Kaeshammer returns to Strings in Steamboat
Boogie-woogie pianist, singer brings a backing big band
August 4, 2011
Steamboat Springs — Last year, boogie-woogie pianist and jazz singer Michael Kaeshammer spent half the year on the road. The highlight, he said, was playing Strings Music Festival in Steamboat Springs.
"Places like Steamboat, for me as an artist, it makes you sit down and reflect and look at it," said Kaeshammer, a German-born Canadian musician. He said last year's show was his first trip to the U.S. Rocky Mountains.
"Besides the fact that it's a beautiful place to be, I really love the people who run the festival," he said.
And they clearly loved him back, asking Kaeshammer to return this year. He'll play the Strings Music Pavilion at 8 p.m. today. Tickets are $42.
"He's infectious," said Betse Grassby, Strings' operations and non-classical programming director. "Everybody went nuts."
She said she saw him for the first time in New York City years ago and was compelled to bring him to Steamboat. She knew immediately after last year's show that she had to bring him back.
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"He's a brilliant musician and the musicians with him are incredible," she said. "His energy is incredible, and it's just a great experience."
Kaeshammer was born in Offenburg, Germany, and was entranced at a young age by his father playing ragtime and blues piano. When he was seven, his parents put him in piano lessons. But that lasted only three years.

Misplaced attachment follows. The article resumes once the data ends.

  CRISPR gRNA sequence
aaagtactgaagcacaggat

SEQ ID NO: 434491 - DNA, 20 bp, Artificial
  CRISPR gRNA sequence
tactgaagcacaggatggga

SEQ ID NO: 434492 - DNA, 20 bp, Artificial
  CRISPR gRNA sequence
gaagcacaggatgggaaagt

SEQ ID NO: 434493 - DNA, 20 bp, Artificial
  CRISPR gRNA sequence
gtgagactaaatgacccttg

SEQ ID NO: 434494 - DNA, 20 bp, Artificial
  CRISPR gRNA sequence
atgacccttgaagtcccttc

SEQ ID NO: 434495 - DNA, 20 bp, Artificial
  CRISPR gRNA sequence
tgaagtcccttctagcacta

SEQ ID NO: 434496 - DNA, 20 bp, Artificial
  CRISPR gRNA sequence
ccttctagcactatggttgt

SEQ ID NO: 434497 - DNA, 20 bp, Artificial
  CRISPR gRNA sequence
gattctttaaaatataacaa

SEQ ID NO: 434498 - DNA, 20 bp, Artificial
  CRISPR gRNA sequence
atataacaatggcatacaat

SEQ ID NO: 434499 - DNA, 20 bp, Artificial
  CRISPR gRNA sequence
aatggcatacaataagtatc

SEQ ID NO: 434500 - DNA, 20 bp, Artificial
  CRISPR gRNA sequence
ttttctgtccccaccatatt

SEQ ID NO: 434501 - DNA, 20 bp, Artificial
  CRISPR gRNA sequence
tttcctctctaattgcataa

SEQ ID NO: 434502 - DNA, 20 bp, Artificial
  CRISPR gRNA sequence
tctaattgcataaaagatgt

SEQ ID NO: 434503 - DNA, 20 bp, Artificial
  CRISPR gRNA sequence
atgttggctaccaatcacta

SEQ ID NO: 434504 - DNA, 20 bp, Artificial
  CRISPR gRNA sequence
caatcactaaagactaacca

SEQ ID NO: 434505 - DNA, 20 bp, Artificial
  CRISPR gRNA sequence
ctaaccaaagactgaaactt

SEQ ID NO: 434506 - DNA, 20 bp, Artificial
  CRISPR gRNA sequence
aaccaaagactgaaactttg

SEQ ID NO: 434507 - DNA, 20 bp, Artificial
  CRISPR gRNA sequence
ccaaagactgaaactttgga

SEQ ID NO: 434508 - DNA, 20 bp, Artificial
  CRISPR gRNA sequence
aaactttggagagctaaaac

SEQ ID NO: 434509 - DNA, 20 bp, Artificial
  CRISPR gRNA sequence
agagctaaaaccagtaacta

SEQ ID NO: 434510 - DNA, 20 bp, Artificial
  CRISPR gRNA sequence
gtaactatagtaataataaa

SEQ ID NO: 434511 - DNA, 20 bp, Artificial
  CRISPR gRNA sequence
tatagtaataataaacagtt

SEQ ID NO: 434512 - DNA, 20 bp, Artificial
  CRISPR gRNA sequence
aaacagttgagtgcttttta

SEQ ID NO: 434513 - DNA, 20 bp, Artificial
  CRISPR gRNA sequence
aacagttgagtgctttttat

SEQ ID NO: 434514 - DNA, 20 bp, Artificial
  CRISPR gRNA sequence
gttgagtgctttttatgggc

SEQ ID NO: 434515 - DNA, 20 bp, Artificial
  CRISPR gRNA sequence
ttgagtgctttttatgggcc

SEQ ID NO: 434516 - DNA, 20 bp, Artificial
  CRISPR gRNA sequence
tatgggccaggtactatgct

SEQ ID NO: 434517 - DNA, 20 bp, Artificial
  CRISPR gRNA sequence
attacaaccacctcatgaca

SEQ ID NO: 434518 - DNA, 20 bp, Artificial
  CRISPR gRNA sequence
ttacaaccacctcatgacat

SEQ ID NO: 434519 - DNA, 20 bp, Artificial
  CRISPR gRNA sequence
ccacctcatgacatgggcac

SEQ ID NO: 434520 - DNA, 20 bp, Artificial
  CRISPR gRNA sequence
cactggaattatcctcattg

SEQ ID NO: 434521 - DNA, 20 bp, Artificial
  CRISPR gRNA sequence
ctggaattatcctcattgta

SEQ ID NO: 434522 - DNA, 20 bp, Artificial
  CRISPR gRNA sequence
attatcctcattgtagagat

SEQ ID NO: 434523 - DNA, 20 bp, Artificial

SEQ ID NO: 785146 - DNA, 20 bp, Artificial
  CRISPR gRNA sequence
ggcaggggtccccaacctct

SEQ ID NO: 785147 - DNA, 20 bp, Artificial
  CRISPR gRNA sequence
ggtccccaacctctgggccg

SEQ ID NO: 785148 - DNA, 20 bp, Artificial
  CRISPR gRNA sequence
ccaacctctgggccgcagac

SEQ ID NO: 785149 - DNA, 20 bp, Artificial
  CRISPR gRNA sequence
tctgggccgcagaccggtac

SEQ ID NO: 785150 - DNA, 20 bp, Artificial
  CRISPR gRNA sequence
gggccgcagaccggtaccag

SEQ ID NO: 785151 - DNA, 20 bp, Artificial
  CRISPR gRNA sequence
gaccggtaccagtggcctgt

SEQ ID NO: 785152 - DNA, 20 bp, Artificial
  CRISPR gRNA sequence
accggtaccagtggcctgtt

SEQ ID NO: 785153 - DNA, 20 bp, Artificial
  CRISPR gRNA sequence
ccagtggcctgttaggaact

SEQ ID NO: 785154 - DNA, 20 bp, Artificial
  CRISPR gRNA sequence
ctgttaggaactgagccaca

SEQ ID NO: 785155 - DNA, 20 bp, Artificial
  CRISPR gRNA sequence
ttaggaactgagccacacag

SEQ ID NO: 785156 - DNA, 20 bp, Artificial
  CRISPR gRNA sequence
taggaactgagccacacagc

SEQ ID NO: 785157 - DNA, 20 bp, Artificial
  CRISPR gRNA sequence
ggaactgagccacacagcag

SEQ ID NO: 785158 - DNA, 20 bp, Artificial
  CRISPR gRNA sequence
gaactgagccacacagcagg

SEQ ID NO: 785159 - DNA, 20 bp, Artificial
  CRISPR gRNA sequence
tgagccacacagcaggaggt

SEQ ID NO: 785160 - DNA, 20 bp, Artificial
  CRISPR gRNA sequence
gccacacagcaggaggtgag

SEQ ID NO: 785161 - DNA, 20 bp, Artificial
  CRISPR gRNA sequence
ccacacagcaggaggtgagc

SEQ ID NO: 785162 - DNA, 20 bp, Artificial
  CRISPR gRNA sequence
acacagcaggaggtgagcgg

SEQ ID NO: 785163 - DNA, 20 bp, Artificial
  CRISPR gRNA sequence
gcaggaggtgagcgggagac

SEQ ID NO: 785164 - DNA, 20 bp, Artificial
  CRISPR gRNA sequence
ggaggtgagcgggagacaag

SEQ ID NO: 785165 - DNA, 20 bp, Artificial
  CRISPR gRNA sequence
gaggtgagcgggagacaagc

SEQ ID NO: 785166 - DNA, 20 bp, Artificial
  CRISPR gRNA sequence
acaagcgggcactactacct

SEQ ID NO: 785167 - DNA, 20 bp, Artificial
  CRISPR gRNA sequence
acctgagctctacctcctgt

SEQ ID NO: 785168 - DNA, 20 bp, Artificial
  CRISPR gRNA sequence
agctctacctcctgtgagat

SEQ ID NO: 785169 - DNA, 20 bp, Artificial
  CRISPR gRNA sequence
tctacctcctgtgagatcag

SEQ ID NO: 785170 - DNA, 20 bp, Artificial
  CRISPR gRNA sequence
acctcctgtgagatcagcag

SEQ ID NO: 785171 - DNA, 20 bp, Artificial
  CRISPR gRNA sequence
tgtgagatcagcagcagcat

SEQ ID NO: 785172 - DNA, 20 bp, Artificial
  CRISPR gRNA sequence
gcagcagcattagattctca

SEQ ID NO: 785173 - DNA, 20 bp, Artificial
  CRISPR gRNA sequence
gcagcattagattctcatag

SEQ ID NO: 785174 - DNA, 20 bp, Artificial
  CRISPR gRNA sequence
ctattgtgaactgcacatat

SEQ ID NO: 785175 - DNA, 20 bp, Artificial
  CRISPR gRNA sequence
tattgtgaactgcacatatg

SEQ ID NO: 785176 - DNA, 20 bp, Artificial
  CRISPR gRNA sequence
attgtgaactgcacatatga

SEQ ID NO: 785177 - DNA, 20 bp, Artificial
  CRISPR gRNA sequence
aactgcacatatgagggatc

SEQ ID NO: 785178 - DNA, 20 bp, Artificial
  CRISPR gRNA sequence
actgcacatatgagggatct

His teacher, he said, was throwing heavy Russian compositions his way when his heart was really in New Orleans.
"The blues, when you think about where it comes from and how it evolved, it's the heartbeat," he said. "You can't help it, your body moves in a certain way and you connect with it. It's more about what it says than the music.
"Boogie-woogie is just blues played a little bit faster."
He moved to Vancouver as a teenager, deciding he would follow his heart toward a career in music.
It wasn't until his late 20s that he began to compose music and sing.
"I started reflecting on my life and in my late 20s I was like, 'What am I doing?'" Kaeshammer said. "I started writing stream of consciousness; I had stuff to get off my chest. I turned that into songs and I realized that's an amazing way to get things off my mind."
At tonight's show, his jazzy, big band tenor voice and quick fingers will be backed by a five-piece band with a horn section, a group he's played with for about four years.
With swingy-upbeat tunes, Kaeshammer aims to keep the audience energized with traditional songs and originals ranging from jazz and blues to R&B and soul.
He said he doesn't like to describe his band's music as jazz because that genre can seem inaccessible. Just like the blues men and women that wove themselves into the fabric of his childhood, Kaeshammer knows that it's all about the connection and conversation between musicians and audiences.
"If you connect with people, you can really play anything," he said.
To reach Nicole Inglis, call 970-871-4204 or email ninglis@SteamboatToday.com
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